The unique identifier ID_A of the subject A (OPTIONAL), which is a byte string of an arbitrary length.
The protocol parameters that are used by subject B are the following:
The values ind and salt, where ind is in {1,…,N}, salt is in {1,…,2^128-1}.
The point Q_PW, satisfying the following equation:
Q_PW = int (F (PW, salt, 2000))*Q_ind.
It is possible that the point Q_PW is not stored and is calculated using PW
in the beginning of the protocol. In that case B has to store PW and points Q_1,Q_2,…,Q_N.
The ID_ALG identifier of the elliptic curve used in the protocol.
The C_1^B counter, that tracks the total number of unsuccessful authentication
trials in a row, and a value of CLim_1 that stores the maximum possible
number of such events.
The C_2^B counter, that tracks the total number of unsuccessful authentication
events during the period of usage of the specific PW, and a value of CLim_2
that stores the maximum possible number of such events.
The C_3^B counter, that tracks the total number of authentication events
(successful and unsuccessful) during the period of usage of the specific PW,
and a value of CLim_3 that stores the maximum possible number of such events.
The unique identifier ID_B of the subject B (OPTIONAL), which is a byte string of an arbitrary length.
After the setup of a new password value PW the values of the counters must be assigned as follows:
C_1^A = C_1^B = CLim_1, where CLim_1 is in {3,…,5};
C_2^A = C_2^B = CLim_2, where CLim_2 is in {7,…,20};
C_3^A = C_3^B = CLim_3, where CLim_3 is in {10^3,10^3+1,…,10^5}.
The described protocol consists of the following steps:
If any of the counters C_1^A, C_2^A, C_3^A is equal to 0, A finishes
the protocol with an error that informs of exceeding the number of
trials that is controlled by the corresponding counter.
A decrements each of the counters C_1^A, C_2^A, C_3^A by 1, requests
open authentication information from B and sends the ID_A identifier.
If any of the counters C_1^B, C_2^B, C_3^B is equal to 0, B finishes
the protocol with an error that informs of exceeding the number of
trials that is controlled by the corresponding counter.
B decrements each of the counters C_1^B, C_2^B, C_3^B by 1.
B sends the values of ind, salt and the ID_ALG identifier to A.
B also can OPTIONALLY send the ID_B identifier to A.
All following calculations are done by B in the elliptic curve group
defined by the ID_ALG identifier.
A sets the curve defined by the received ID_ALG identifier as the
used elliptic curve. All following calculations are done by A in this elliptic curve group.
A calculates the point Q_PW^A = int (F (PW, salt, 2000))*Q_ind.
A chooses randomly (according to the uniform distribution) the value
alpha, alpha is in {1,…,q-1}, and assigns z_A = 0.
A sends the value u_1 = alpha*P - Q_PW^A to B.
After receiving u_1, B checks that u_1 is in E. If it is not, B finishes
with an error, considering the authentication process unsuccessful.
B calculates Q_B = u_1 + Q_PW, assigns z_B = 0 and chooses randomly
(according to the uniform distribution) the value betta, betta is in {1,…,q-1}.
If m/q*Q_B = O, B assigns Q_B = betta*P and z_B = 1.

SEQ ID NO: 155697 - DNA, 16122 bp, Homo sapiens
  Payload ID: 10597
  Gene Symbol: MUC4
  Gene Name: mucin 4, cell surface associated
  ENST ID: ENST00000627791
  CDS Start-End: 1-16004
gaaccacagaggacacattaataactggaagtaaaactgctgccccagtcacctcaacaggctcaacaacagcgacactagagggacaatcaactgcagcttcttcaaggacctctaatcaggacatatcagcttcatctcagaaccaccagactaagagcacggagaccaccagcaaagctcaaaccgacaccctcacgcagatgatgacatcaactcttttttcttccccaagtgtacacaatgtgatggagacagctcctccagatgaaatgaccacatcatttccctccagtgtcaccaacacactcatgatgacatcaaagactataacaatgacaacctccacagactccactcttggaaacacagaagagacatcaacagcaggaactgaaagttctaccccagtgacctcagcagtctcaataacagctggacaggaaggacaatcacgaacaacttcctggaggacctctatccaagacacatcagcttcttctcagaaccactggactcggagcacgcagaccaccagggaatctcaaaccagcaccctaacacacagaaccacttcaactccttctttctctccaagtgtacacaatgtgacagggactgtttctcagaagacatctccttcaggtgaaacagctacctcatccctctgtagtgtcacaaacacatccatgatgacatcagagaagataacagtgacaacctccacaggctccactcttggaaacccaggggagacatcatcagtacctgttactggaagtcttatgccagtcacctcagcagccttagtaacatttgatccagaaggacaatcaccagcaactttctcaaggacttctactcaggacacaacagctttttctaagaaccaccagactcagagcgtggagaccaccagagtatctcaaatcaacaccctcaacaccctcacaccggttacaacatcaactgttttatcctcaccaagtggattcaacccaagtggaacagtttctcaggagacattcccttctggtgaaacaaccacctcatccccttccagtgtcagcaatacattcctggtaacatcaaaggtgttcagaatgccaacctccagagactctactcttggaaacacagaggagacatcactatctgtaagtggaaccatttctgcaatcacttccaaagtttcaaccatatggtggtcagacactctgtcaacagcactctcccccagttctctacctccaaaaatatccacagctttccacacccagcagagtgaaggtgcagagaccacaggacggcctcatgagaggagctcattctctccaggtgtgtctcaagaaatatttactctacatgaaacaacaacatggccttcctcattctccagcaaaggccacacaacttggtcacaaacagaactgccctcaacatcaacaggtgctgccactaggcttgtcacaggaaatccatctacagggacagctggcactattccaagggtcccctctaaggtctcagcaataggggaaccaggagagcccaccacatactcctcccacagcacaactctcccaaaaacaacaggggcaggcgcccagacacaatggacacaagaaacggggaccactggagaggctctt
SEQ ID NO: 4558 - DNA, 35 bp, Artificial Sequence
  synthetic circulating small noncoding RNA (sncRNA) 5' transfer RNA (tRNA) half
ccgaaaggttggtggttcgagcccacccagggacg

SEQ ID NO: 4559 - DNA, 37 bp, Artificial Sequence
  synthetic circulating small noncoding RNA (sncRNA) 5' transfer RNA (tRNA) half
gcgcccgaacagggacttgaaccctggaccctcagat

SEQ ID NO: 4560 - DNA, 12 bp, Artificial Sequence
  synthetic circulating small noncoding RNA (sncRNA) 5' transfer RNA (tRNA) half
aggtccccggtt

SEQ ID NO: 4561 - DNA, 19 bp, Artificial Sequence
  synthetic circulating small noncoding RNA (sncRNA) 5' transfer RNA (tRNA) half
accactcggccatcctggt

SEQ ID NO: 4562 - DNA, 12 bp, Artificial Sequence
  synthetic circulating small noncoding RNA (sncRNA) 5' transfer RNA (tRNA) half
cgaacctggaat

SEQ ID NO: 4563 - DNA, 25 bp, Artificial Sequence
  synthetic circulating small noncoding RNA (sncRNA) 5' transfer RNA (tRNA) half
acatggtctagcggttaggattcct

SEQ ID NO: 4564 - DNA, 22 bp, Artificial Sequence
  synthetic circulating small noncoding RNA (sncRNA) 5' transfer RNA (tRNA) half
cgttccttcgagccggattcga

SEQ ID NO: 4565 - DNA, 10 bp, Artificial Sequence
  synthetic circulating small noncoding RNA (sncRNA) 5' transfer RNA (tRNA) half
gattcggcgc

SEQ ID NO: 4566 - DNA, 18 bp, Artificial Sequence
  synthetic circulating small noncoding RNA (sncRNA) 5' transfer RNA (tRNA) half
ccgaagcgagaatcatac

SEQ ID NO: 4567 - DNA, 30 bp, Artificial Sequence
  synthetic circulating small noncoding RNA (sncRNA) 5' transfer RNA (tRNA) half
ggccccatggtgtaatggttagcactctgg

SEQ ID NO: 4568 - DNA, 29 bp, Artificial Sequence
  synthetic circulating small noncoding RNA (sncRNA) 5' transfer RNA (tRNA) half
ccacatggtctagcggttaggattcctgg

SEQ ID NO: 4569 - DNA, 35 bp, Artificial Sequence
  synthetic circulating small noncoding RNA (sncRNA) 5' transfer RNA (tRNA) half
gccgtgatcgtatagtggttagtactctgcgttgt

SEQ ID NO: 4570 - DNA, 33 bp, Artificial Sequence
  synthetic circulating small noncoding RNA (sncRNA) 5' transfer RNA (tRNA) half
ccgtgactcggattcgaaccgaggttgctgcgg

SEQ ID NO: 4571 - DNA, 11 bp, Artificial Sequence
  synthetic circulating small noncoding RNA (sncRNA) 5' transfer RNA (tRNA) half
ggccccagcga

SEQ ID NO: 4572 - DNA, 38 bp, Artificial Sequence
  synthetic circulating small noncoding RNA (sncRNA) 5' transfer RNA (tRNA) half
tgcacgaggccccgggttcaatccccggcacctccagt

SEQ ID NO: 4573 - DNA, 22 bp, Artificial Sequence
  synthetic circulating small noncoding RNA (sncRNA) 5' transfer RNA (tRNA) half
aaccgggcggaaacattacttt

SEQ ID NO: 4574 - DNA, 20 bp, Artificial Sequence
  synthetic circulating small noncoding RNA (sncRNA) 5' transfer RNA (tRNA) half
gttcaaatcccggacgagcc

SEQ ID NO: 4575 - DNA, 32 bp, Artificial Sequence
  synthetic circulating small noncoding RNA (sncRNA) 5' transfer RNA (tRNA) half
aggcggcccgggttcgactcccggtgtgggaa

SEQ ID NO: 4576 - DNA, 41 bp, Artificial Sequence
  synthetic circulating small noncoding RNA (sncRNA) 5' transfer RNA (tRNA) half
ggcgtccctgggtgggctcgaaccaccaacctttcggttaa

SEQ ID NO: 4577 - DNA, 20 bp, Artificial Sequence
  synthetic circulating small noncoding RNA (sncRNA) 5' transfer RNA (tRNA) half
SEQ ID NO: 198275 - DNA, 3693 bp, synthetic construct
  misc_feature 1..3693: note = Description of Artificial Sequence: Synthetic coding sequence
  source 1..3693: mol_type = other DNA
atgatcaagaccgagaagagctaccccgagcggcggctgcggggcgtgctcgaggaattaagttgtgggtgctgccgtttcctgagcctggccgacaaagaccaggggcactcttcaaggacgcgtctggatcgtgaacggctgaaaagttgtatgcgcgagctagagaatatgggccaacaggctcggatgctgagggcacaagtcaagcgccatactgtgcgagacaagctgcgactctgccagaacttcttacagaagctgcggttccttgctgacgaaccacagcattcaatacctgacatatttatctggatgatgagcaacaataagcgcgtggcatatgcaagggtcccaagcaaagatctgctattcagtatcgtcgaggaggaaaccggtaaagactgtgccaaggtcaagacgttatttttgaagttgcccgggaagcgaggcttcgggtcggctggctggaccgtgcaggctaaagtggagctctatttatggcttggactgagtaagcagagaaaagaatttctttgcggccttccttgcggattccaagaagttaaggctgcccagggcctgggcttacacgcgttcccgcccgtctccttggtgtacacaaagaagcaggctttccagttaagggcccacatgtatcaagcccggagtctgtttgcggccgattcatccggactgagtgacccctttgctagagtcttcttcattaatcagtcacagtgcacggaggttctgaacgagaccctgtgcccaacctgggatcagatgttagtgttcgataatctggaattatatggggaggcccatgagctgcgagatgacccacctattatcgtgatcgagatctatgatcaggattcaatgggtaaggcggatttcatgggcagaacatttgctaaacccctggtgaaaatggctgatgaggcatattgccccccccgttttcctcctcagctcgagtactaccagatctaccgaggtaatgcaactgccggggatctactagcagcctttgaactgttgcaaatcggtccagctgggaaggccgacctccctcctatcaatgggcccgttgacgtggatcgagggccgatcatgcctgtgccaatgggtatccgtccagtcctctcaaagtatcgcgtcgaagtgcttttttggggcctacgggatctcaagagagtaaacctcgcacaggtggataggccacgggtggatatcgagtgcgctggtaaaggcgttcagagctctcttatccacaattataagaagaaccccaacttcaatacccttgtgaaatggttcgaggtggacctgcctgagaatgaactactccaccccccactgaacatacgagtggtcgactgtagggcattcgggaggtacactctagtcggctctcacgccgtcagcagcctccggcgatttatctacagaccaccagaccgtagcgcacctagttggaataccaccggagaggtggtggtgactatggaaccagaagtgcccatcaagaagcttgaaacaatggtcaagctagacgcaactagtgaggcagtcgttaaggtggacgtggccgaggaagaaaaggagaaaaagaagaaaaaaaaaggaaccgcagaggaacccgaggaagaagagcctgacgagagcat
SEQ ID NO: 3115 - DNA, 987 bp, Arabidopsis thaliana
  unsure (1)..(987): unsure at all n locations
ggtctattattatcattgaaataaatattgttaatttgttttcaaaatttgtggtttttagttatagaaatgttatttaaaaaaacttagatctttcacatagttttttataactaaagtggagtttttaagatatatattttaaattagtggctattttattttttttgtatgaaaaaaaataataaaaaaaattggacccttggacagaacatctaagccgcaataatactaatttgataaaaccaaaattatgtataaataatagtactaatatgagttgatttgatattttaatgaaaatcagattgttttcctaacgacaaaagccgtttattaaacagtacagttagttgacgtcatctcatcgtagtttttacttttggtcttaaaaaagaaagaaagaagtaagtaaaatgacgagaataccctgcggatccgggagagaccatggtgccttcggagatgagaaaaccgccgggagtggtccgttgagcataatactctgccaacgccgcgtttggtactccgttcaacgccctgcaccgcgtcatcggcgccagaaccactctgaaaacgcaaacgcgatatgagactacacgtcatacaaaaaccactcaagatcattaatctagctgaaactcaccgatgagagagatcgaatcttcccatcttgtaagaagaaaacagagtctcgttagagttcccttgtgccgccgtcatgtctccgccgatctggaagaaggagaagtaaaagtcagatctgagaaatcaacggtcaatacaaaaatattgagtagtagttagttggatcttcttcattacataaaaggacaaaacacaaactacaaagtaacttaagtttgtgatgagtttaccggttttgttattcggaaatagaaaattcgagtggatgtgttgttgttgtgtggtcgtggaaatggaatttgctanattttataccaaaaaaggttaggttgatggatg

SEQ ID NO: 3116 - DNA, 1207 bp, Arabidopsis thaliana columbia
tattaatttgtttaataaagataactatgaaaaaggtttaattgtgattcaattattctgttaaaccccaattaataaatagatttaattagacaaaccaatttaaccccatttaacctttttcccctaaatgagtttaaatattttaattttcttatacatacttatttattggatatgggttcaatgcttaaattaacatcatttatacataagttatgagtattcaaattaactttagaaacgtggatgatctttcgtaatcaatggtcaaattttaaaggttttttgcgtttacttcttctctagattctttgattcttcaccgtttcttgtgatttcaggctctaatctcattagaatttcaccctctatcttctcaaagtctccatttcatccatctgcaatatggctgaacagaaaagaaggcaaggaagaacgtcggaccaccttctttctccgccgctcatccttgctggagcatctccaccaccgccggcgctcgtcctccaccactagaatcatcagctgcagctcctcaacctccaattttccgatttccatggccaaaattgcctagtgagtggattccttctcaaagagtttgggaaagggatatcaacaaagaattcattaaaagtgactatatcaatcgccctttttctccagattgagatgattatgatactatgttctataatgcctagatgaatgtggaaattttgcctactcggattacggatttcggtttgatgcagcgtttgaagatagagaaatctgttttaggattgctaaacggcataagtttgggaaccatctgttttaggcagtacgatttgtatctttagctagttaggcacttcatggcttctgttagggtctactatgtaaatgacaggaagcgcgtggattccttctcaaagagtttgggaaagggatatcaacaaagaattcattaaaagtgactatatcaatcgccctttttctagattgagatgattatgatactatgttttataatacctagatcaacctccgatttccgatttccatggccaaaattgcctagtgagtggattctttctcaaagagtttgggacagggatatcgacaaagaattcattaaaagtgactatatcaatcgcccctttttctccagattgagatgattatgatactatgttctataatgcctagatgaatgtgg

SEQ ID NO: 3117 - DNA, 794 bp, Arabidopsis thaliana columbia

B calculates K_B = HASH (( m/q*betta*(mod q))*Q_B ), where the input of
a hash function is a little-endian representation of the obtained point (x-coordinate first, then y-coordinate).
B sends the value u_2 = betta*P + Q_PW to A.
After receiving u_2, A checks that u_2 is in E. If it is not, A finishes
with an error, considering the authentication process unsuccessful.
A calculates Q_A = u_2 - Q_PW^A.
If m/q*Q_A = O, then A assigns Q_A = alpha*P and z_A = 1.
A calculates K_A = HASH (( m/q*alpha(mod q))*Q_A ), where the input of
a hash function is a little-endian representation of the obtained point (x-coordinate first, then y-coordinate).
A calculates MAC_A = HMAC (K_A, 0x01 || ID_A || ind || salt || u_1 || u_2 || DATA_A),
where DATA_A is an OPTIONAL string that is authenticated with MAC_A
(if it is not used, then DATA_A is considered to be of zero length).
A sends (DATA_A || MAC_A) to B.
B checks that the values MAC_A and HMAC (K_B, 0x01 || ID_A || ind || salt || u_1 || u_2 || DATA_A)
are equal. If they are not, it finishes with an error, considering the authentication process unsuccessful.
If z_B = 1, B finishes, considering the authentication process unsuccessful.
B sets the value of C_1^B to CLim_1 and increases C_2^B by 1.
B calculates MAC_B = HMAC(K_B, 0x02 || ID_B || ind || salt || u_1 || u_2 || DATA_A || DATA_B),
where DATA_B is an OPTIONAL string that is authenticated with MAC_B
(if it is not used, then DATA_B is considered to be of zero length).
B sends (DATA_B || MAC_B) to A.
A checks that the values MAC_B and HMAC (K_A, 0x02 || ID_B || ind || salt || u_1 || u_2 || DATA_A || DATA_B)
are equal. If they are not, it finishes with an error, considering the authentication process unsuccessful.
If z_A = 1, A finishes, considering the authentication process unsuccessful.
A sets the value of C_1^A to CLim_1 and increases C_2^A by 1.
After the successful finish of the procedure the subjects A and B
are mutually authenticated and each subject has an explicitly authenticated value of K = K_A = K_B.
N o t e:
In the case where the interaction process can be initiated by any subject (client or server) the ID_A and ID_B options MUST be used